Sometimes the person you’re caring for might need help using the toilet. If they aren’t able to walk to the washroom, using a bedside commode or urinal can be a good option. Helping someone use the toilet can be embarrassing for both of you, but it doesn’t have to be. In this video we’ll review the steps you’ll need to help the person you’re caring for use a commode or urinal safely.
Sometimes the person you’re caring for might need help using the toilet. If they aren’t able to walk to the washroom, using a bedside commode (a chair that you can put anywhere that has a pot to catch waste so it can be used as a toilet) or urinal can be a good option.
Helping someone use the toilet can be embarrassing for both of you, but it doesn’t have to be.
In this video we’ll review the steps you’ll need to help the person you’re caring for use a commode or urinal safely
Let’s try it!
Some things you’ll need are a urinal or commode chair. You can usually purchase or rent these from your local home health pharmacy.
You’ll also need some toilet paper, wet wipes or special cloths for cleaning their genitals
If they’re using a urinal, a waterproof bed pad or towel will be good to have as well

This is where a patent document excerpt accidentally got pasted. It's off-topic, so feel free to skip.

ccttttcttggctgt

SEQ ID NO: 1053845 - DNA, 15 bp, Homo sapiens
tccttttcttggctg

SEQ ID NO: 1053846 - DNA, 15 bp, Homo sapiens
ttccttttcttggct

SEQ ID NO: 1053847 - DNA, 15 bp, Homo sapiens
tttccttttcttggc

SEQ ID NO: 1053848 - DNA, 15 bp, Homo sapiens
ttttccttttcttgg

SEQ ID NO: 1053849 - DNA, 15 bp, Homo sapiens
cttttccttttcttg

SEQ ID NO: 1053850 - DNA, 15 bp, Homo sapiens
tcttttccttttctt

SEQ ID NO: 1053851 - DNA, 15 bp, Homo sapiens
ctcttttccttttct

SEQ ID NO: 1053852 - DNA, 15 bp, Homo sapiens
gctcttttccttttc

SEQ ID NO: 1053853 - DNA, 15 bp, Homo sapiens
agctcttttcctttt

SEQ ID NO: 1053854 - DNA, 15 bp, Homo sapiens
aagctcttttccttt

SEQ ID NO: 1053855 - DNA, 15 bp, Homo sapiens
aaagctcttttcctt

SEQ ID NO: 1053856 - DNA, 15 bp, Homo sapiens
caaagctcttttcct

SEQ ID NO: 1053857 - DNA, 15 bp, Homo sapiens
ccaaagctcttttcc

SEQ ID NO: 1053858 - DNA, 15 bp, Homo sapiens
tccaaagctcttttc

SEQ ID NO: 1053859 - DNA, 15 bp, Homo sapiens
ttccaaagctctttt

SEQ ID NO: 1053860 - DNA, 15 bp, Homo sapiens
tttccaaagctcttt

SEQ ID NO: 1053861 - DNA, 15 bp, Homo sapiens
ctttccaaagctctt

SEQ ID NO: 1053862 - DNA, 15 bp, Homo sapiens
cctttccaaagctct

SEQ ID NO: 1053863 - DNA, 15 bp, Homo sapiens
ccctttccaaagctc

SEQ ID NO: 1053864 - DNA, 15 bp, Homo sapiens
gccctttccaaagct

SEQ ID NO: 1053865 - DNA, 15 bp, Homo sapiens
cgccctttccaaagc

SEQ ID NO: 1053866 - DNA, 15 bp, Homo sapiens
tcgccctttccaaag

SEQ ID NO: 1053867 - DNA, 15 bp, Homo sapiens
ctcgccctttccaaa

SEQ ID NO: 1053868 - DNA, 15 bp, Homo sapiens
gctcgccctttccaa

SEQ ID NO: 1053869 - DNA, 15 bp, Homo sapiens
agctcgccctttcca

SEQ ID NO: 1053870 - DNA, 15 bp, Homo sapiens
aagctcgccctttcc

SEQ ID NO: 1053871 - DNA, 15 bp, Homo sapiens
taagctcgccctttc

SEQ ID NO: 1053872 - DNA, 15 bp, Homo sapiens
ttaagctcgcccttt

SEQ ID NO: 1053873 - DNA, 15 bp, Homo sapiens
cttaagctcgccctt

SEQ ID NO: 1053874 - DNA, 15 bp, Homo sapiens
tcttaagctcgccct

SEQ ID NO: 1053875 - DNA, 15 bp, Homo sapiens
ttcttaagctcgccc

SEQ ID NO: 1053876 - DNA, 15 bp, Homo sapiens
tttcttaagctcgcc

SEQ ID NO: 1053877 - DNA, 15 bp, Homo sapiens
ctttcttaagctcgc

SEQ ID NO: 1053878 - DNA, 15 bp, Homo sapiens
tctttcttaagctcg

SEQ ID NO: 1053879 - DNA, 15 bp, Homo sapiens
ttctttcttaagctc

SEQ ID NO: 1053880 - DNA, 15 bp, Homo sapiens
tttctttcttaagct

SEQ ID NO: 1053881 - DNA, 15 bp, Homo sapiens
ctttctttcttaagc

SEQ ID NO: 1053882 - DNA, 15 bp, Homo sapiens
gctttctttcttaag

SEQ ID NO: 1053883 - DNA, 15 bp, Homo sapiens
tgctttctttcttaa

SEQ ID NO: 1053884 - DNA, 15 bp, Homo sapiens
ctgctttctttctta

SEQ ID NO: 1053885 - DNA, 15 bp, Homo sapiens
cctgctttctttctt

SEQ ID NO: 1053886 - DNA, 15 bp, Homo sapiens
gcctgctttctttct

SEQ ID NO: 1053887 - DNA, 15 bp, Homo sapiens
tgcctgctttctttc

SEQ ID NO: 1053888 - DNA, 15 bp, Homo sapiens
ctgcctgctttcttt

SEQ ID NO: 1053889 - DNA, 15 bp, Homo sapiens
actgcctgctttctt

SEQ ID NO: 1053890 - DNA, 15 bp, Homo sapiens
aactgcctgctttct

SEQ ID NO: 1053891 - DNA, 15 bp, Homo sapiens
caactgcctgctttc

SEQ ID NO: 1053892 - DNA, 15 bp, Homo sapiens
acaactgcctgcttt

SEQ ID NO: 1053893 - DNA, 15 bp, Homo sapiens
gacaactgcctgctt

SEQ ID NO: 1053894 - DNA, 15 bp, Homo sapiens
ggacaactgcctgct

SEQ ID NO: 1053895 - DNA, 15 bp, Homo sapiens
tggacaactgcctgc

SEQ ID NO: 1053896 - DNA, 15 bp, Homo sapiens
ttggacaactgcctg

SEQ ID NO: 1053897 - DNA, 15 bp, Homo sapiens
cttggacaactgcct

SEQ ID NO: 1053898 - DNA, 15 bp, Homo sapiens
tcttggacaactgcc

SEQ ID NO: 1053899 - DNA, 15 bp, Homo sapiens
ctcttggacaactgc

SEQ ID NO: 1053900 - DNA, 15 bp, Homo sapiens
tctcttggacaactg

To use a commode, make sure the pot is in place and put the commode at their bedside, making sure the brakes are on the bed and commode if they have them.
From here assist the person you’re caring for to transfer from the bed onto the commode chair, assist them to lower their pants while they’re standing.
Click here to see a video on how to transfer someone safely.
Leave toilet paper with them and step out of the room to give them some privacy, stay close by in case they need some help.
Assist them to wipe up, get dressed, help them back to bed and wash their hands.
Empty the commode pot in the toilet and wash well with soap and water.
Put the pot back in the commode and it’s ready for the next time they need to use it. A urinal is a bottle with a handle made to urinate in.
To help someone use a urinal, put a towel or waterproof bed pad under them and help position the urinal so that urine can easily flow into the bottle.
It may help to have them lay on their side if laying on their back doesn’t seem to be working well without spilling.
Provide them some privacy and when they’re done, carefully remove the urinal, help them wipe up with a wet wipe, toilet paper or special care wipes and empty the urinal in the toilet.
Rinse the urinal well between uses, and wash daily with soap and water.
Finish up by washing your hands and helping them wash theirs.
Sometimes the person you’re caring for may not be able to stand to transfer or sit up on a toilet or commode. If this is the case you might need to assist with using a bedpan or an incontinence brief.
When someone needs help to use the toilet, the loss of privacy can be very difficult. Following these steps and providing as much privacy as you can help you both get through this awkward task.
For more videos like this, see our caregiver Essentials video series